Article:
DVD: Los Muertos (Alonso, 2004)

I saw Lisandro Alonso’s newest film Liverpool in the Toronto Film Festival last September and didn’t think much of it. Given all of the positive reviews it has gotten from people I trust very much, I decided that I just wasn’t in the right mood to see it. I had something very particular that was lingering on my mind for a few days, and it proved to be a very huge distraction from such a slow-paced film that relies on the viewer’s ability to contemplate the film in its open spaces and long stretches of plotlessness, and I filled those gaps with something totally unrelated to the film and its themes. So I will have to see Liverpool again (though, given that only one of his films is available on DVD with English subtitles (Los Muertos), it might be awhile before I have another opportunity).

So I decided to check out Los Muertos, since it was available to me, and also happens to be Alonso’s best reviewed film, at least until Liverpool showed up. Despite being comparably paced to Liverpool, I was very much engaged and compelled throughout the entire film, especially in the final 15 minutes. All of this was even more surprising to me since I started watching the film while I was already a bit sleepy and tucked into my bed, approaching midnight. I credit most of this to the great opening of the film, a single take that stakes a sturdy and gripping enough foundation to sustain my attention for the first 45 minutes where not much happens and not much is explained.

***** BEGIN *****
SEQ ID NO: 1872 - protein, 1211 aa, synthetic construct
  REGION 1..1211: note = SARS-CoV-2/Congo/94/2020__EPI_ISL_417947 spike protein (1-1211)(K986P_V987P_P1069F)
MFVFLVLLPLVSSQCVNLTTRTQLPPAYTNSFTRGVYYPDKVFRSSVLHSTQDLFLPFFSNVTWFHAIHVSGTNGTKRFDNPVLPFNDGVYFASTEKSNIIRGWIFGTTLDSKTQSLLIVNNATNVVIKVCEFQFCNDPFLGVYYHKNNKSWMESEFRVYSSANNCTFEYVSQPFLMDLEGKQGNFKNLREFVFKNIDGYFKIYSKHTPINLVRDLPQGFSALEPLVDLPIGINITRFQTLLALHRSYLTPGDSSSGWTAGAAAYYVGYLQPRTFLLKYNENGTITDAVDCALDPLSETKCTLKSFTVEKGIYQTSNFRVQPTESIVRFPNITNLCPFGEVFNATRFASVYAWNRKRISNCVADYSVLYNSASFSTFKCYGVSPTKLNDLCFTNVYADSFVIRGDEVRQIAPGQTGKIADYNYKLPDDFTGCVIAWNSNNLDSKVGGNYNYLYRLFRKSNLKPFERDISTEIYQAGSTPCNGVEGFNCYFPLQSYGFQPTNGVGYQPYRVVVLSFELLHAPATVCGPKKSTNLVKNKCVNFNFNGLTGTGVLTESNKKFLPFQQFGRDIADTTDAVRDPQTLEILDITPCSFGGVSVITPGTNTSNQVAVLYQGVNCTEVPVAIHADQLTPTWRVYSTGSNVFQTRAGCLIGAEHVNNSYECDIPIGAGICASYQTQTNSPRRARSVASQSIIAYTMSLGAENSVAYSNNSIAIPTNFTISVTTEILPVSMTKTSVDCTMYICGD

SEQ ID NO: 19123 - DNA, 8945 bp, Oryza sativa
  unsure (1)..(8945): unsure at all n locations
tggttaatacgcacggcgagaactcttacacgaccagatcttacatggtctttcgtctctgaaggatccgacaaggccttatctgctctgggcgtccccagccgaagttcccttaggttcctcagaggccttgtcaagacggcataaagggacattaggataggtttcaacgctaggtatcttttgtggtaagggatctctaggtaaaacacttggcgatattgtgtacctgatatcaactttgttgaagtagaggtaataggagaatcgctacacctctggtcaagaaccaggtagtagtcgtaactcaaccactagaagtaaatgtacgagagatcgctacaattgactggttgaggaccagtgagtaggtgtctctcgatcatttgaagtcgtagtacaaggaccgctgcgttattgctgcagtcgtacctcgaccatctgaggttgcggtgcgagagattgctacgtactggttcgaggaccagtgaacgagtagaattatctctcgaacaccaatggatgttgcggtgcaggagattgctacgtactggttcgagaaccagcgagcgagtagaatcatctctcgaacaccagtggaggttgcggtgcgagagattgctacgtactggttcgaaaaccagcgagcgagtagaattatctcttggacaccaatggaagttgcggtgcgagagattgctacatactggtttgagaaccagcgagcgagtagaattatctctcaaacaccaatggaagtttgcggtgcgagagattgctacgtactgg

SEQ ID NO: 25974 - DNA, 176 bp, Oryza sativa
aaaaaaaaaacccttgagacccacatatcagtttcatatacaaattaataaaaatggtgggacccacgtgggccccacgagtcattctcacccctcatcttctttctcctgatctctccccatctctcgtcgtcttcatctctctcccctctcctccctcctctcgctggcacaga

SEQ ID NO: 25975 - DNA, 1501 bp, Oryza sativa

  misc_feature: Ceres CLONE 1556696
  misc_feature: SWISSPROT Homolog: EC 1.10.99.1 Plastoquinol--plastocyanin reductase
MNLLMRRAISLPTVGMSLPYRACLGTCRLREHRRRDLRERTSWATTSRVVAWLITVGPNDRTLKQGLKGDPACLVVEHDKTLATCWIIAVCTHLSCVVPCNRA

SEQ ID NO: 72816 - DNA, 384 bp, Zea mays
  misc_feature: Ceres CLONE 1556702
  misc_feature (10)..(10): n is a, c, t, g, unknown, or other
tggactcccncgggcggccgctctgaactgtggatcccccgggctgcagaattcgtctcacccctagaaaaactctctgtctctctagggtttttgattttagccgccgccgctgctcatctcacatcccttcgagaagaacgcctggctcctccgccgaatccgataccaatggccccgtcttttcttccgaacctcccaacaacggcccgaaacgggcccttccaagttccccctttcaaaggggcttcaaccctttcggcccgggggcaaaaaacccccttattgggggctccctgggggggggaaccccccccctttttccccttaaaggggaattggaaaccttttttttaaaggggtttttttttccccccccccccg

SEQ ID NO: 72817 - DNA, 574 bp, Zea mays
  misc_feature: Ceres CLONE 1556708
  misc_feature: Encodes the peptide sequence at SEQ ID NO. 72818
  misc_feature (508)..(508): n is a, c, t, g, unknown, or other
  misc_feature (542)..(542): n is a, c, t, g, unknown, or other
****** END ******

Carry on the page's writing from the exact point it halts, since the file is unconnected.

Alonso makes great use of his setting in the forests that surround Vargas, the protagonist. With bright green trees in every direction, the forests are alive in a way that makes the film’s title (in English, The Dead) come off as an ironic joke. As when the forest blows out into a solid green matte at one point, Vargas could almost be confused to be walking in front of a green screen.

As in Liverpool, the core of the film seems to be about the reunion that occurs between family members who have been separated over great lengths of time. The last shot, lingering on a seemingly insignificant object belonging to Vargas’ grandson, is both a symbol of the life he indirectly is responsible for, and is the first memento he has in which to associate with his new attempt at a family.